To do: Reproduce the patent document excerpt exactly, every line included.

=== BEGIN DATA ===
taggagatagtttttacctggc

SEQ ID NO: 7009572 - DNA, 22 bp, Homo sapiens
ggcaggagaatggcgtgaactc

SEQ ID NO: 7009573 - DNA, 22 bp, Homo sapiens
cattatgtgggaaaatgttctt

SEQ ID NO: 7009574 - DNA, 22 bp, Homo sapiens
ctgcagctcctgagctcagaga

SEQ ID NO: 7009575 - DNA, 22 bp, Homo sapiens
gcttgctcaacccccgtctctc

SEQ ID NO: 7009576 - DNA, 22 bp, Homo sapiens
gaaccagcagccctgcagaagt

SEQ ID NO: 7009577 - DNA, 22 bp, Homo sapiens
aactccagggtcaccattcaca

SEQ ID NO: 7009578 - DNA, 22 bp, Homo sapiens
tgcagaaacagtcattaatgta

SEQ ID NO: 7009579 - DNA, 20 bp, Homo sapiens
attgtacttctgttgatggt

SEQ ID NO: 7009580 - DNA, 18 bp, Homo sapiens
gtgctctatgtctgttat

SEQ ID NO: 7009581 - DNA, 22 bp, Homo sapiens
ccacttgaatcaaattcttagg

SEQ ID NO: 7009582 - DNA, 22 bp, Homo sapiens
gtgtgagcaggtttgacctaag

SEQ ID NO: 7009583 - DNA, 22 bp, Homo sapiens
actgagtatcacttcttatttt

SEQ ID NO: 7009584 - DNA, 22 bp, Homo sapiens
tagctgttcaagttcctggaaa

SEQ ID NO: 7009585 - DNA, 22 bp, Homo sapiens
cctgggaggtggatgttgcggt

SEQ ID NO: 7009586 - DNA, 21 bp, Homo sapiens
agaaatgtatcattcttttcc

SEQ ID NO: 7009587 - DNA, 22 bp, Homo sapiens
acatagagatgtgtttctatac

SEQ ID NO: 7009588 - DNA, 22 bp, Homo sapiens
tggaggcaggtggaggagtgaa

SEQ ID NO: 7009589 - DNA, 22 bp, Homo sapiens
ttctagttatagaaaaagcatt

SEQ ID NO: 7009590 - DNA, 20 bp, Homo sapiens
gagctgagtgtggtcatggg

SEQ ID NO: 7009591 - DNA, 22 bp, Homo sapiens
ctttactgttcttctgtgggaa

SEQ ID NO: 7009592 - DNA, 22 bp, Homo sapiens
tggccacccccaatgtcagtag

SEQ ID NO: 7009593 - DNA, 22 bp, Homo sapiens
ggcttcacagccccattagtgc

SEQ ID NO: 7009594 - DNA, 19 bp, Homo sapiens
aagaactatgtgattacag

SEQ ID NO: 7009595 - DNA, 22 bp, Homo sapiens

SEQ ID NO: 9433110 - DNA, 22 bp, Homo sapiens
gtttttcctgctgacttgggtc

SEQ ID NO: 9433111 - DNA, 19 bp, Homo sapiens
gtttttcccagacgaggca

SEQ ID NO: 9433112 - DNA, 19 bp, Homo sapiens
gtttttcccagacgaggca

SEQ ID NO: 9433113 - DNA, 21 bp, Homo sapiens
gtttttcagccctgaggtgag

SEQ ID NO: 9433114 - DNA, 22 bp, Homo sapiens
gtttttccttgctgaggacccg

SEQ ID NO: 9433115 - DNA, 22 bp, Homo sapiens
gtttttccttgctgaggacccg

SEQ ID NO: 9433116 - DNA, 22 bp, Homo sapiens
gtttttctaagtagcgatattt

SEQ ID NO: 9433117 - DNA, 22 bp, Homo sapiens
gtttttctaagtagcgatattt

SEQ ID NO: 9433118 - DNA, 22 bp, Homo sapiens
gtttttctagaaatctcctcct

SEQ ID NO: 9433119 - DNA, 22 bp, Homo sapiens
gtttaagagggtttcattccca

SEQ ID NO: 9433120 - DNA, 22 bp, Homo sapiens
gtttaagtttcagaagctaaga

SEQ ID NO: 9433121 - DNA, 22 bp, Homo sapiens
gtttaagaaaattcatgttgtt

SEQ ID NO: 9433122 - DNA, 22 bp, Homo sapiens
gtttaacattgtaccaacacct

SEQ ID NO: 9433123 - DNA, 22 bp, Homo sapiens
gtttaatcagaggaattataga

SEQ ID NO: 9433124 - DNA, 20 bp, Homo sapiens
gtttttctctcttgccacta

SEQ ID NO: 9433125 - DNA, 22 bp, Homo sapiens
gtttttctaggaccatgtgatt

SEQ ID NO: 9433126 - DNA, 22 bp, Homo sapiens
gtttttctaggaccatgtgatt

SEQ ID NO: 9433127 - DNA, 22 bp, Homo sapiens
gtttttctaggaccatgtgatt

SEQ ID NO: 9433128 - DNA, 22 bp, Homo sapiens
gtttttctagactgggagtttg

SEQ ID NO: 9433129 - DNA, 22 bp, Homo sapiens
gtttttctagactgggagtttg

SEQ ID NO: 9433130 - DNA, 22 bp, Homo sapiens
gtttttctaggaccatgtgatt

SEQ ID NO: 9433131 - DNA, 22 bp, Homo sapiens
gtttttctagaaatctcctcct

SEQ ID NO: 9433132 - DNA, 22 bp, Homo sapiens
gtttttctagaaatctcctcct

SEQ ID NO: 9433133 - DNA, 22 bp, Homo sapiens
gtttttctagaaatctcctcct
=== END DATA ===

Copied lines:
taggagatagtttttacctggc

SEQ ID NO: 7009572 - DNA, 22 bp, Homo sapiens
ggcaggagaatggcgtgaactc

SEQ ID NO: 7009573 - DNA, 22 bp, Homo sapiens
cattatgtgggaaaatgttctt

SEQ ID NO: 7009574 - DNA, 22 bp, Homo sapiens
ctgcagctcctgagctcagaga

SEQ ID NO: 7009575 - DNA, 22 bp, Homo sapiens
gcttgctcaacccccgtctctc

SEQ ID NO: 7009576 - DNA, 22 bp, Homo sapiens
gaaccagcagccctgcagaagt

SEQ ID NO: 7009577 - DNA, 22 bp, Homo sapiens
aactccagggtcaccattcaca

SEQ ID NO: 7009578 - DNA, 22 bp, Homo sapiens
tgcagaaacagtcattaatgta

SEQ ID NO: 7009579 - DNA, 20 bp, Homo sapiens
attgtacttctgttgatggt

SEQ ID NO: 7009580 - DNA, 18 bp, Homo sapiens
gtgctctatgtctgttat

SEQ ID NO: 7009581 - DNA, 22 bp, Homo sapiens
ccacttgaatcaaattcttagg

SEQ ID NO: 7009582 - DNA, 22 bp, Homo sapiens
gtgtgagcaggtttgacctaag

SEQ ID NO: 7009583 - DNA, 22 bp, Homo sapiens
actgagtatcacttcttatttt

SEQ ID NO: 7009584 - DNA, 22 bp, Homo sapiens
tagctgttcaagttcctggaaa

SEQ ID NO: 7009585 - DNA, 22 bp, Homo sapiens
cctgggaggtggatgttgcggt

SEQ ID NO: 7009586 - DNA, 21 bp, Homo sapiens
agaaatgtatcattcttttcc

SEQ ID NO: 7009587 - DNA, 22 bp, Homo sapiens
acatagagatgtgtttctatac

SEQ ID NO: 7009588 - DNA, 22 bp, Homo sapiens
tggaggcaggtggaggagtgaa

SEQ ID NO: 7009589 - DNA, 22 bp, Homo sapiens
ttctagttatagaaaaagcatt

SEQ ID NO: 7009590 - DNA, 20 bp, Homo sapiens
gagctgagtgtggtcatggg

SEQ ID NO: 7009591 - DNA, 22 bp, Homo sapiens
ctttactgttcttctgtgggaa

SEQ ID NO: 7009592 - DNA, 22 bp, Homo sapiens
tggccacccccaatgtcagtag

SEQ ID NO: 7009593 - DNA, 22 bp, Homo sapiens
ggcttcacagccccattagtgc

SEQ ID NO: 7009594 - DNA, 19 bp, Homo sapiens
aagaactatgtgattacag

SEQ ID NO: 7009595 - DNA, 22 bp, Homo sapiens

SEQ ID NO: 9433110 - DNA, 22 bp, Homo sapiens
gtttttcctgctgacttgggtc

SEQ ID NO: 9433111 - DNA, 19 bp, Homo sapiens
gtttttcccagacgaggca

SEQ ID NO: 9433112 - DNA, 19 bp, Homo sapiens
gtttttcccagacgaggca

SEQ ID NO: 9433113 - DNA, 21 bp, Homo sapiens
gtttttcagccctgaggtgag

SEQ ID NO: 9433114 - DNA, 22 bp, Homo sapiens
gtttttccttgctgaggacccg

SEQ ID NO: 9433115 - DNA, 22 bp, Homo sapiens
gtttttccttgctgaggacccg

SEQ ID NO: 9433116 - DNA, 22 bp, Homo sapiens
gtttttctaagtagcgatattt

SEQ ID NO: 9433117 - DNA, 22 bp, Homo sapiens
gtttttctaagtagcgatattt

SEQ ID NO: 9433118 - DNA, 22 bp, Homo sapiens
gtttttctagaaatctcctcct

SEQ ID NO: 9433119 - DNA, 22 bp, Homo sapiens
gtttaagagggtttcattccca

SEQ ID NO: 9433120 - DNA, 22 bp, Homo sapiens
gtttaagtttcagaagctaaga

SEQ ID NO: 9433121 - DNA, 22 bp, Homo sapiens
gtttaagaaaattcatgttgtt

SEQ ID NO: 9433122 - DNA, 22 bp, Homo sapiens
gtttaacattgtaccaacacct

SEQ ID NO: 9433123 - DNA, 22 bp, Homo sapiens
gtttaatcagaggaattataga

SEQ ID NO: 9433124 - DNA, 20 bp, Homo sapiens
gtttttctctcttgccacta

SEQ ID NO: 9433125 - DNA, 22 bp, Homo sapiens
gtttttctaggaccatgtgatt

SEQ ID NO: 9433126 - DNA, 22 bp, Homo sapiens
gtttttctaggaccatgtgatt

SEQ ID NO: 9433127 - DNA, 22 bp, Homo sapiens
gtttttctaggaccatgtgatt

SEQ ID NO: 9433128 - DNA, 22 bp, Homo sapiens
gtttttctagactgggagtttg

SEQ ID NO: 9433129 - DNA, 22 bp, Homo sapiens
gtttttctagactgggagtttg

SEQ ID NO: 9433130 - DNA, 22 bp, Homo sapiens
gtttttctaggaccatgtgatt

SEQ ID NO: 9433131 - DNA, 22 bp, Homo sapiens
gtttttctagaaatctcctcct

SEQ ID NO: 9433132 - DNA, 22 bp, Homo sapiens
gtttttctagaaatctcctcct

SEQ ID NO: 9433133 - DNA, 22 bp, Homo sapiens
gtttttctagaaatctcctcct